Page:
Inmate assaults Ore. deputy, removed from court before during sentencing for outbursts
The inmate continued to shout, as two deputy marshals lifted him out of his chair
By Maxine Bernstein
PORTLAND, Ore. — While awaiting trial for allegedly slashing a fellow inmate with a metal can lid at the federal prison in Sheridan, Leonel Marin attacked a Columbia County sheriff's deputy in jail.
On Monday, a judge sentenced Leonel Marin-Torres to four years and three months in prison for assaulting the Columbia County sheriff's deputy in 2014 after ordering deputy U.S. marshals to remove the inmate from the courtroom because of his outbursts and refusal to follow directions.
"The defendant blindsided and attacked an officer in jail without warning," said U.S. District Judge Marco A. Hernandez. "As we've seen in court multiple times, Mr. Marin-Torres is extraordinarily volatile and unable to control his impulses.''
Marin-Torres, 46, had argued for least 20 minutes against the proposed sentence. He said he was treated poorly in custody because of his race and called the prosecutor, his stand-by counsel and the judge criminals and traitors.
"I am not guilty," Marin-Torres declared through a Spanish interpreter.
After listening for nearly half an hour, the judge tried to cut off the Marin-Torres. "OK, that's enough," Hernandez said.
Marin-Torres continued to shout out, as two deputy marshals lifted Marin-Torres out of his chair at the defense table and held him with his hands behind his back.
"I want to leave now,'' Marin-Torres shouted. "I do not want to be here."
"I've asked you to calm down," the judge responded.
Marin-Torres tried to walk toward the door to the court lockup on his own, but the deputy marshals escorted him out of the courtroom.
"Mr. Marin-Torres lost control .... He's been told numerous times that he must stop and calm down. He's been rambling for 30 minutes, insulting his lawyer, prosecutors and the court. He simply exploded. I can still hear him yelling through the walls of the courtroom," Hernandez said in court, establishing a record for what had occurred.
Then Hernandez delivered the sentence.
Marin-Torres was serving a 192-month sentence at the Federal Correctional Institution in Sheridan for a drug-trafficking and firearms conviction out of Seattle when he fashioned a metal can lid into a sharp weapon and "viciously slashed'' another inmate on Dec. 23, 2012, according to federal prosecutors.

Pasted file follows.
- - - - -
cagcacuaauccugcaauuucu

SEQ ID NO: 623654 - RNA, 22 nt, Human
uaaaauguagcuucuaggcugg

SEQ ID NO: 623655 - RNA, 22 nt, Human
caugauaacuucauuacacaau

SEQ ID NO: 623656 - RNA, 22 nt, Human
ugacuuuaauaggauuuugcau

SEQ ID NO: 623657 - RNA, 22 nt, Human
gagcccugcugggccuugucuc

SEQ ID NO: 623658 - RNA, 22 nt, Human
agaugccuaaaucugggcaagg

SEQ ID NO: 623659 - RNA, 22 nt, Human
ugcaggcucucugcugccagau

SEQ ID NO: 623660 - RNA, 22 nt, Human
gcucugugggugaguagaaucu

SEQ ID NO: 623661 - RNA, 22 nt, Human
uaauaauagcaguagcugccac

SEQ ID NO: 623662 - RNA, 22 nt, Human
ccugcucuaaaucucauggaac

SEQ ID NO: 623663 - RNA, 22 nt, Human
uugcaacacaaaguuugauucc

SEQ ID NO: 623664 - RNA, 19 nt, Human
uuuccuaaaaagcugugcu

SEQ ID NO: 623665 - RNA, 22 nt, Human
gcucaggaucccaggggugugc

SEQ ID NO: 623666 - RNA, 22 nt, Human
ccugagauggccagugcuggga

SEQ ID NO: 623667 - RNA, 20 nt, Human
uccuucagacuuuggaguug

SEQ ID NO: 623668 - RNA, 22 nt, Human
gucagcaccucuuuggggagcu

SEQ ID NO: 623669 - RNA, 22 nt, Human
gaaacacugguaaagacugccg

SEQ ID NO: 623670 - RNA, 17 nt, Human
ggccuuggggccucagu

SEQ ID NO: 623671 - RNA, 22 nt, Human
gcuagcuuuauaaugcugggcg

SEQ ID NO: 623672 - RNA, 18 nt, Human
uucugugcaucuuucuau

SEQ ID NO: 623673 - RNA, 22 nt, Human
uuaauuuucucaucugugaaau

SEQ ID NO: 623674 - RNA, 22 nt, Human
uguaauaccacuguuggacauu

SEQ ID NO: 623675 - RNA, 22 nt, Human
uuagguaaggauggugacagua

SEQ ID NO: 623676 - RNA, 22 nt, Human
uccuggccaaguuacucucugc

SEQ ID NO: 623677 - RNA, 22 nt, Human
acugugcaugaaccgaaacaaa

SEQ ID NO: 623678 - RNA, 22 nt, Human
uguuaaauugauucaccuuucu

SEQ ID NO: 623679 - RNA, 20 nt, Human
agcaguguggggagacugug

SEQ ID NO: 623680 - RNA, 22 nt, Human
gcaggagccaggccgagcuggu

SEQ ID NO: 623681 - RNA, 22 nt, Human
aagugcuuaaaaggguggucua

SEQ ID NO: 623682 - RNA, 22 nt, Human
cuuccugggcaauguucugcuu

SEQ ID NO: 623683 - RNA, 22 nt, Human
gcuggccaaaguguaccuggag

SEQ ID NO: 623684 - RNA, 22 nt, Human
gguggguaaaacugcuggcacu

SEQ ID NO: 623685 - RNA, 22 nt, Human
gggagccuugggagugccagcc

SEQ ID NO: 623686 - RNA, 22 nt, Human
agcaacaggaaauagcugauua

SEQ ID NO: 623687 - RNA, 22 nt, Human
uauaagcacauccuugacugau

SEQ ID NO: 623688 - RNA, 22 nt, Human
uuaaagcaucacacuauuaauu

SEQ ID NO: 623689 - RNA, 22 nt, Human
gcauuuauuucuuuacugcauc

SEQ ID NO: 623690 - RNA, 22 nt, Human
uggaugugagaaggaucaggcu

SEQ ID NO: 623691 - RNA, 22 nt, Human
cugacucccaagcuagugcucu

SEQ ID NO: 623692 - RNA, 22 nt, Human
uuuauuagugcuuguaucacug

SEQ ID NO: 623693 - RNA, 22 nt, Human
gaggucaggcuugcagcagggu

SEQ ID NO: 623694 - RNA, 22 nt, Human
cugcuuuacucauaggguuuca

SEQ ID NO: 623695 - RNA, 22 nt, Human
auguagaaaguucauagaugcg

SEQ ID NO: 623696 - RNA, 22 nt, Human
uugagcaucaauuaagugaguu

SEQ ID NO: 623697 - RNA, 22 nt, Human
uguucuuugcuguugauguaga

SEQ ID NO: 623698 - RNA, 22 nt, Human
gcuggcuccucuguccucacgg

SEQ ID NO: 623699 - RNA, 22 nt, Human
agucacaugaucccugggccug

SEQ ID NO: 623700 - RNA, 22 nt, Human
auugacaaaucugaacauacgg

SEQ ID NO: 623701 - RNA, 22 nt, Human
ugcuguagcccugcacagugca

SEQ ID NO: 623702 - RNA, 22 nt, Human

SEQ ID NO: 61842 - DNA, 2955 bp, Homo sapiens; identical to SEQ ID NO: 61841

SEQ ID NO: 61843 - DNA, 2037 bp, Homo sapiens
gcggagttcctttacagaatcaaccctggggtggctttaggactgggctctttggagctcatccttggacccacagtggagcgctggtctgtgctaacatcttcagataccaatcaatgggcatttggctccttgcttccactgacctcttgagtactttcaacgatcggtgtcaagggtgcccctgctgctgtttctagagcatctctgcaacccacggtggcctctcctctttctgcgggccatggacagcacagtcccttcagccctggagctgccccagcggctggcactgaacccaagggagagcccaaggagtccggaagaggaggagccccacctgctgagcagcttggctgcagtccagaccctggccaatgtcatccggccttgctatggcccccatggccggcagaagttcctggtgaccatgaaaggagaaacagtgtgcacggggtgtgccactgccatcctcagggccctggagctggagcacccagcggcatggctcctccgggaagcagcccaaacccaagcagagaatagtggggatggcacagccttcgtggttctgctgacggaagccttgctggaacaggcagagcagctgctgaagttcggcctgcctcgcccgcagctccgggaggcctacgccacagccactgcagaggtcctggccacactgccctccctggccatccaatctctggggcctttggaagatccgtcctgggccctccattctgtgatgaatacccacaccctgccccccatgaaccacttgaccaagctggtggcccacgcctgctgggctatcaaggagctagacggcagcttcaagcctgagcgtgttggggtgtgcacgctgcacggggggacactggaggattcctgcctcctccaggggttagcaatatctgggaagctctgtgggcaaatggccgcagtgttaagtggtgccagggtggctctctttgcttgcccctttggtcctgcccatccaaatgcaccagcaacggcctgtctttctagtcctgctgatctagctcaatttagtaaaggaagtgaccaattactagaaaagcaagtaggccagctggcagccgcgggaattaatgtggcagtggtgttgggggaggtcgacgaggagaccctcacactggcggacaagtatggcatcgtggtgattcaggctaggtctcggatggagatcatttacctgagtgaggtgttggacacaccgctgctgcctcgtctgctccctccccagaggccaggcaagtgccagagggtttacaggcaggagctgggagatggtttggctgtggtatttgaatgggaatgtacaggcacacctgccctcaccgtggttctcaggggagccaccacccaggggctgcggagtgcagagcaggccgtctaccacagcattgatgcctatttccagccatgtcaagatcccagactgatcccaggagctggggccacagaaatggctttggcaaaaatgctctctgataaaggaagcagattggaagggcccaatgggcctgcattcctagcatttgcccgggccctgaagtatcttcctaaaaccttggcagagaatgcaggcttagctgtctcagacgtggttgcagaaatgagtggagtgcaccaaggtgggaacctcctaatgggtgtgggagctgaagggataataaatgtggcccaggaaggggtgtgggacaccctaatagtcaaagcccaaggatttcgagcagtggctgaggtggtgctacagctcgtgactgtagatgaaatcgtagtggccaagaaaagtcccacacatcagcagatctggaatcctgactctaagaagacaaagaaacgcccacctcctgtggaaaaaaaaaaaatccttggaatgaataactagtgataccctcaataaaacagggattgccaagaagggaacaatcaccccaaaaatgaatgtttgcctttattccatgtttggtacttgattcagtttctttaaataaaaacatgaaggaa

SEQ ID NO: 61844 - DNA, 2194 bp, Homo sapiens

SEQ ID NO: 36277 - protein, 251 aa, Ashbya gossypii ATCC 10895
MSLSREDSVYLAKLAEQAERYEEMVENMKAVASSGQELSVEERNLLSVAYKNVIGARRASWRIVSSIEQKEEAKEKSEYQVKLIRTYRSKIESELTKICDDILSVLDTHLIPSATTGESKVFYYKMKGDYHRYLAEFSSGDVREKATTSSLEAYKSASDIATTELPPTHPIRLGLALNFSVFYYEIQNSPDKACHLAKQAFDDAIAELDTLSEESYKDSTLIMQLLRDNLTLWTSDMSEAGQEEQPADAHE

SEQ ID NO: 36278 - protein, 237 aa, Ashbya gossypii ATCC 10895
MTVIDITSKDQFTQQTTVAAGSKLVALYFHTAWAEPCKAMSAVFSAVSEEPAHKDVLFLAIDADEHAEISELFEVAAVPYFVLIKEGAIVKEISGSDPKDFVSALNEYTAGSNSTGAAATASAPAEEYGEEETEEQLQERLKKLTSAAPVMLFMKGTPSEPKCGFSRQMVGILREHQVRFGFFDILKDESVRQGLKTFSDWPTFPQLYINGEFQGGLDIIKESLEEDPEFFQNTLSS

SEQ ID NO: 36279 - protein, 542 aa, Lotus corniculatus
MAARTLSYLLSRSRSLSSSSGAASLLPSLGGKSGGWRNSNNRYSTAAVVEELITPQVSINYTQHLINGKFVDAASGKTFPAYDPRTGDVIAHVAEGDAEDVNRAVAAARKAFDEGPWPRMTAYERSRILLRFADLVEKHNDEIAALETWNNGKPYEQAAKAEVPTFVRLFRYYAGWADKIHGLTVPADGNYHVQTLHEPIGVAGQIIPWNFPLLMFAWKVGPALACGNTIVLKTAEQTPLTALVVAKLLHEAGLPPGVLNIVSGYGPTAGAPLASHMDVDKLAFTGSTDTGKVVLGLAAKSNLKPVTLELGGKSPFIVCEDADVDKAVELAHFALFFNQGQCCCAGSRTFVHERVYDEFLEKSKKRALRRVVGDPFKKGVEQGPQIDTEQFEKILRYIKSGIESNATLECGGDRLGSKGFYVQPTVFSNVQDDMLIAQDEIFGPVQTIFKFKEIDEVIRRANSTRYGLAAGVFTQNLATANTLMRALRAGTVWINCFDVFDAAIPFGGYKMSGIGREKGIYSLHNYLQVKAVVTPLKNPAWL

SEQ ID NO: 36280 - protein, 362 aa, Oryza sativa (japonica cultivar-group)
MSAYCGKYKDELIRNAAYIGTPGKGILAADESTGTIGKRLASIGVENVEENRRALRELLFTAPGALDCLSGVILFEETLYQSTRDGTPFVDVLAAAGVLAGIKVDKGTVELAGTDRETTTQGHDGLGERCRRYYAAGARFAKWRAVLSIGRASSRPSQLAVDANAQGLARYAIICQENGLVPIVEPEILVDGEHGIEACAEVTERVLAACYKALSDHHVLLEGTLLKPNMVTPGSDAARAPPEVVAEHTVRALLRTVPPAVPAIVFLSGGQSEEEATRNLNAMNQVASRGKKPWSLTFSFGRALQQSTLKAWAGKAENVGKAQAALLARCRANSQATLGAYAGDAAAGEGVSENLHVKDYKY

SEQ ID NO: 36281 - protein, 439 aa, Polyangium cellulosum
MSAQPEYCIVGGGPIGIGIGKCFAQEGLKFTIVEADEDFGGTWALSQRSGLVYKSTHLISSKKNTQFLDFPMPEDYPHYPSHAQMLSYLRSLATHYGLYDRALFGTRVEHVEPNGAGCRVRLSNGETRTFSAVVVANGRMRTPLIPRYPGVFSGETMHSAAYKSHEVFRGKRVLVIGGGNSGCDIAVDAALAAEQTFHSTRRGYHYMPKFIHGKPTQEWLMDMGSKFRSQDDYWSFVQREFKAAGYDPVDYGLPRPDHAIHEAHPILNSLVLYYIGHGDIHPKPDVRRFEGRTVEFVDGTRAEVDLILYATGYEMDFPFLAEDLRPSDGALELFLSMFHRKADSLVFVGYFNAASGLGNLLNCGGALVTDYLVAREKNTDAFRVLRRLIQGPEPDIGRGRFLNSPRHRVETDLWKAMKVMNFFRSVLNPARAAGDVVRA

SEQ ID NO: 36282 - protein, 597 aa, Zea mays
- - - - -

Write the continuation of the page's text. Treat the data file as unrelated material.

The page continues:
The other inmate had been sitting at a computer terminal in a common area of their housing unit, then walked past Marin-Torres. That's when Marin-Torres slashed his neck and head. The victim suffered cuts to his neck and ear, required treatment at Willamette Valley Community Hospital and reconstructive surgery, said Assistant U.S. Attorney Greg Nyhus.
While Marin-Torres was being held on federal charges of assault with a dangerous weapon, assault resulting in serious bodily injury and possessing contraband in prison, he was accused of assaulting a Columbia County sheriff's deputy in jail on July 21, 2014.
Marin-Torres was later sentenced to eight years in prison for the assault on his fellow inmate after a jury found him guilty.
He went to trial on the deputy's assault case and was removed from the courtroom because of similar outbursts. That jury convicted him of assaulting the officer.
When a Columbia County sheriff's deputy opened a holding cell that Marin-Torres was in, Marin-Torres "lunged at him, striking him with a closed fist,'' Nyhus wrote in a sentencing memo.
The deputy took Marin-Torres to the ground and a struggle ensued. "During the ensuing struggle to contain defendant's dervish behavior, defendant dug his nails'' into the deputy's face and neck, breaking skin and drawing blood, Nyhus wrote.
Monday's sentence will run consecutive to his prior sentences.
According to court records, Marin-Torres was paroled into the United States on a humanitarian visa in 1995 from Cuba, his native country. In April 1996, he was sentenced for delivery of cocaine in Seattle. He escaped from a prison camp in September of that year, complaining that the "capitalist American system" had enslaved him.
He was then convicted of escape and sentenced to nine more months in prison in January 1997. In March 2013, he was convicted of possession of cocaine, carrying a firearm in relation to drug-trafficking for delivery of cocaine and felon in possession of a firearm in federal court in Washington and sentenced to 16 years in prison.
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